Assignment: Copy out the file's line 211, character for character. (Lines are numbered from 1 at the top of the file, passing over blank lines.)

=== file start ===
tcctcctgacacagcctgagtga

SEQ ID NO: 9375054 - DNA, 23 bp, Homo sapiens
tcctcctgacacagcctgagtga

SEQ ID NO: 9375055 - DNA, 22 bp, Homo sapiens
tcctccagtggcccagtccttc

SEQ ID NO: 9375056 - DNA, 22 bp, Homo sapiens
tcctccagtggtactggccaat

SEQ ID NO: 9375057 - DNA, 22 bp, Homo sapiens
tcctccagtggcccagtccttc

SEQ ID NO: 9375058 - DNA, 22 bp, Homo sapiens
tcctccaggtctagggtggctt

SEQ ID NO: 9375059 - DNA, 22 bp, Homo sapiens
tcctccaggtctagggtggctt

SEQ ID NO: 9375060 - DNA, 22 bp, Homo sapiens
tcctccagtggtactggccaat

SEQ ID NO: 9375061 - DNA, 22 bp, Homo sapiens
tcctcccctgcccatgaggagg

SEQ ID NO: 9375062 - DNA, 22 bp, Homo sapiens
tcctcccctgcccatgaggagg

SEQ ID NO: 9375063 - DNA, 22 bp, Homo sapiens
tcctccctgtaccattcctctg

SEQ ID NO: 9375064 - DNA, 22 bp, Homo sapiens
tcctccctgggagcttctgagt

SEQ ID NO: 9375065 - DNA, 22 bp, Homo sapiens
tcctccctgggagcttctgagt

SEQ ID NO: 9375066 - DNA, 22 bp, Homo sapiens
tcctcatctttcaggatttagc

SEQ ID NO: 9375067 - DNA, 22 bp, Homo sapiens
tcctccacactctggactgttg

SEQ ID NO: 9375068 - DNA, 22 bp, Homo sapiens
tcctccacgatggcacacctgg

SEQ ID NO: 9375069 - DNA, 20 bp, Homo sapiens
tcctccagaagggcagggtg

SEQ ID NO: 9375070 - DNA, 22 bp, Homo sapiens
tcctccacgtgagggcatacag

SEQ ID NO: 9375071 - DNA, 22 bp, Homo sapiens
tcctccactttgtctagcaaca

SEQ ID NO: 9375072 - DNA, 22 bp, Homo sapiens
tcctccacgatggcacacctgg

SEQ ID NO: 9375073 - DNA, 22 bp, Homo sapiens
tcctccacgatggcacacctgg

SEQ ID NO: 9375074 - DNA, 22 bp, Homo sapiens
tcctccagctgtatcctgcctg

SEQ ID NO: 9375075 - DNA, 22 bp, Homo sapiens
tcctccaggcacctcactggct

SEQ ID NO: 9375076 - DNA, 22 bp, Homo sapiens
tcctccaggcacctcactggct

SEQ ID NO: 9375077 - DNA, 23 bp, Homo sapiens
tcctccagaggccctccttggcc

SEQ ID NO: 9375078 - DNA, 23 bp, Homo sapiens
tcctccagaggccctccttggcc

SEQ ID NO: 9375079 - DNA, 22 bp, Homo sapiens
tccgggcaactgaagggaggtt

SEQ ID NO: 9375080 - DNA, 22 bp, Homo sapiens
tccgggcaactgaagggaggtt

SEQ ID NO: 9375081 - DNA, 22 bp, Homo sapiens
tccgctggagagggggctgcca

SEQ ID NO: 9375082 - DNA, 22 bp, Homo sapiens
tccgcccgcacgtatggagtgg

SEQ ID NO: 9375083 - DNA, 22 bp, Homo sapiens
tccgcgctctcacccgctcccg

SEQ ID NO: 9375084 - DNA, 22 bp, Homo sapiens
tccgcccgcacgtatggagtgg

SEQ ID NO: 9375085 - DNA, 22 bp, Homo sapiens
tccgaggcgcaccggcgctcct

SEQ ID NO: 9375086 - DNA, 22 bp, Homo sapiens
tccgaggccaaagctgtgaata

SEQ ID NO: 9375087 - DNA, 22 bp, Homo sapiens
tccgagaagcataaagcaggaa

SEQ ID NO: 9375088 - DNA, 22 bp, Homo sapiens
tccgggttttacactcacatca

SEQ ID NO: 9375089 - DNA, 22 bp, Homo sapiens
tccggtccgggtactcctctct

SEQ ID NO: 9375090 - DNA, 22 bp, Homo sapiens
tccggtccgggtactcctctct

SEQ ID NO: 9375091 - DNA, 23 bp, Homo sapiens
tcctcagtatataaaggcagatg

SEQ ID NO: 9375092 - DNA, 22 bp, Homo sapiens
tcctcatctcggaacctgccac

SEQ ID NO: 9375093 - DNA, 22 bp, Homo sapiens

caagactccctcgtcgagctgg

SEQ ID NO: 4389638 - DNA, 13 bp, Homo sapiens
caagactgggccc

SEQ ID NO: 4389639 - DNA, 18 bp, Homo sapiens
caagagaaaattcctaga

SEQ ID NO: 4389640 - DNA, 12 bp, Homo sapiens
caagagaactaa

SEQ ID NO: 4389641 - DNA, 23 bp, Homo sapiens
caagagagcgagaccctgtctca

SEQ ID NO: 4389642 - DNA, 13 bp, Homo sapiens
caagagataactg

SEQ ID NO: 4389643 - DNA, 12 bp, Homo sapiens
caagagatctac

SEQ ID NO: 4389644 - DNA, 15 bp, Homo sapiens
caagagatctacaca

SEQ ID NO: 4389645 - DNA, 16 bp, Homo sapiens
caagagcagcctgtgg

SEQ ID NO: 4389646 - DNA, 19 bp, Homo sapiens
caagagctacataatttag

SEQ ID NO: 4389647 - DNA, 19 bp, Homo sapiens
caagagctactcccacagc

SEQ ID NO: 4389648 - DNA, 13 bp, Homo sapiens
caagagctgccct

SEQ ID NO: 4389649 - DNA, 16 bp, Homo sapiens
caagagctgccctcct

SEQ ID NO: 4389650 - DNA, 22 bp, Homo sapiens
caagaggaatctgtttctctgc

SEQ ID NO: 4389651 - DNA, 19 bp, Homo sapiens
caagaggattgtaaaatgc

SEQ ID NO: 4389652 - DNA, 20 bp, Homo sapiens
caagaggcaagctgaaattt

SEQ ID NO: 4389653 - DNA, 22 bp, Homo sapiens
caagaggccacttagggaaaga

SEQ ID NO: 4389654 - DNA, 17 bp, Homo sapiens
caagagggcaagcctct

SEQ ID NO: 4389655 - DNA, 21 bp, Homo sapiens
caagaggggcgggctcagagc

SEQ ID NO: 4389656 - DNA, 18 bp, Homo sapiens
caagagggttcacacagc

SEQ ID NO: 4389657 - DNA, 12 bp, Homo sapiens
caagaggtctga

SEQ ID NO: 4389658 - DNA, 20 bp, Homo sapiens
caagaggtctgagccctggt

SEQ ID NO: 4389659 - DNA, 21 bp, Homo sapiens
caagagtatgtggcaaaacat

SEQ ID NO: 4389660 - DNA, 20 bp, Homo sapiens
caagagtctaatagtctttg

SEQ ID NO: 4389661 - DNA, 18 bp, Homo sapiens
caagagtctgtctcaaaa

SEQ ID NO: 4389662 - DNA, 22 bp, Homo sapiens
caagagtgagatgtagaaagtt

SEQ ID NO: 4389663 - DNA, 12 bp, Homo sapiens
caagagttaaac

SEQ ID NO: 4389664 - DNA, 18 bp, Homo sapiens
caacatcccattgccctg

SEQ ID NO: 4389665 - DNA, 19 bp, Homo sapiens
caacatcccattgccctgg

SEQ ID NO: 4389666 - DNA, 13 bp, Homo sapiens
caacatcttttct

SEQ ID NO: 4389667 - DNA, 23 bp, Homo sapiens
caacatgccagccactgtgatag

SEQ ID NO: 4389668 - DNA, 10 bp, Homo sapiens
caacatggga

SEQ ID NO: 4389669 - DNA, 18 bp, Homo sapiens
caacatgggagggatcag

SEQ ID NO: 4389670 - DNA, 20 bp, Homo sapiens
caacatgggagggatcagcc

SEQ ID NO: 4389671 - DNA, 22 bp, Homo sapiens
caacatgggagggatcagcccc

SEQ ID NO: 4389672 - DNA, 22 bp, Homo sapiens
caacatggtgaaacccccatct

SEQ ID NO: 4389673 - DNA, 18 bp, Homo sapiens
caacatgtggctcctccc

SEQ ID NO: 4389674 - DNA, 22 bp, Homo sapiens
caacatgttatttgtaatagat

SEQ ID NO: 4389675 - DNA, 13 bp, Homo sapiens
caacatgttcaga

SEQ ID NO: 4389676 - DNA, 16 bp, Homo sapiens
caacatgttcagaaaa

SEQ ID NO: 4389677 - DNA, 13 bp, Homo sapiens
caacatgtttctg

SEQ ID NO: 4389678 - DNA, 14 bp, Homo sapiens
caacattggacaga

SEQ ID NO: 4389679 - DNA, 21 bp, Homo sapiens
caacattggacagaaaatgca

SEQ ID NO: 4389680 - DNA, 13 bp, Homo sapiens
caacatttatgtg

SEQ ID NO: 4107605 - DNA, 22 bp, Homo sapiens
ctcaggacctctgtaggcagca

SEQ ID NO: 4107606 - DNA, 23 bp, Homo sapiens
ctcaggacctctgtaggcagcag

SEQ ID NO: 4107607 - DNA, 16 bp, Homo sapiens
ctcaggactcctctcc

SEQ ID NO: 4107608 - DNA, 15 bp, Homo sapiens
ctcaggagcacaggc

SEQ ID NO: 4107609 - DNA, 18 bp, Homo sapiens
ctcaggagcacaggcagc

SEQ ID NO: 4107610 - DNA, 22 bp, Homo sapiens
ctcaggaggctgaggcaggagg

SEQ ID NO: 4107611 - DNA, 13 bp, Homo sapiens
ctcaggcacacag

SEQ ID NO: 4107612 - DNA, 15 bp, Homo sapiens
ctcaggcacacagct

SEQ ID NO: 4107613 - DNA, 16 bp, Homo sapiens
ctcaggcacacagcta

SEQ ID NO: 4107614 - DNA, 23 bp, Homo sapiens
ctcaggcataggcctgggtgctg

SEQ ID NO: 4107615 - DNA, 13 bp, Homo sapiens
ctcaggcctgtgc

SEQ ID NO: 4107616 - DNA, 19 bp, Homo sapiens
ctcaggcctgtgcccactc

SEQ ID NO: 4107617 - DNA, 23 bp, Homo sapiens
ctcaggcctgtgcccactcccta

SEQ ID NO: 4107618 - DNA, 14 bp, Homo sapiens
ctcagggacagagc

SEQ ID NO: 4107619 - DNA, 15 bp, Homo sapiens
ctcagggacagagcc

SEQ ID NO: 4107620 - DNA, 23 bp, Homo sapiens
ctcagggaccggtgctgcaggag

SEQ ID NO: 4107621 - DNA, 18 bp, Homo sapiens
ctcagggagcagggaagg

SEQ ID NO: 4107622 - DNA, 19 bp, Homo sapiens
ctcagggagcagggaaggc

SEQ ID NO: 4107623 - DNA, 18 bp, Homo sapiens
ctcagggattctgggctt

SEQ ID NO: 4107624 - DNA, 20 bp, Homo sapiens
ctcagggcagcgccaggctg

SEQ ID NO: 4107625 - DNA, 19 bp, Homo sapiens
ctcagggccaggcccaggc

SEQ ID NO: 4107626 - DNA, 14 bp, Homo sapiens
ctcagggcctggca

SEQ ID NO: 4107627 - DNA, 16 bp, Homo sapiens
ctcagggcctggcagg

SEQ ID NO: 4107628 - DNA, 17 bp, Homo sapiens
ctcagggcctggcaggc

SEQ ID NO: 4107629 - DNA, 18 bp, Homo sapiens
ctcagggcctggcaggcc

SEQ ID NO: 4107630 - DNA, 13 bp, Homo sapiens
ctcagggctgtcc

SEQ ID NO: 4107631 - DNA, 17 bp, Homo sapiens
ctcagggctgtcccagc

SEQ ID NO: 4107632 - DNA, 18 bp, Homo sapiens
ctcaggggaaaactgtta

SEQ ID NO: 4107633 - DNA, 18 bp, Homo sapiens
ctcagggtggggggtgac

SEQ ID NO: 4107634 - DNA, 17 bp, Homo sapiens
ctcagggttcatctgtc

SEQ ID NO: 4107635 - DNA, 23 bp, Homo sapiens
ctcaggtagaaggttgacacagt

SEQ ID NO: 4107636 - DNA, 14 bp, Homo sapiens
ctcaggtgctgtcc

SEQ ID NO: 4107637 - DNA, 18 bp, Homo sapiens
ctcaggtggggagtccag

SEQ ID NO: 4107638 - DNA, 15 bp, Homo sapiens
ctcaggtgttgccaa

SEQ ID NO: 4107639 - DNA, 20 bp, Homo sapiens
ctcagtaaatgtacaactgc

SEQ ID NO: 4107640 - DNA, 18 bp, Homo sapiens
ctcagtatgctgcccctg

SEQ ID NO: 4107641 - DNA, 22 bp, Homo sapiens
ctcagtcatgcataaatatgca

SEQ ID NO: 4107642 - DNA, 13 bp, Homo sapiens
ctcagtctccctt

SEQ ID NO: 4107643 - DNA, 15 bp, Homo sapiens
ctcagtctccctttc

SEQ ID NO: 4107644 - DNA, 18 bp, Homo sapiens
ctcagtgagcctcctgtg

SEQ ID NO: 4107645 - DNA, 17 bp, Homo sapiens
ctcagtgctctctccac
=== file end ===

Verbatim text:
ctcagggcctggca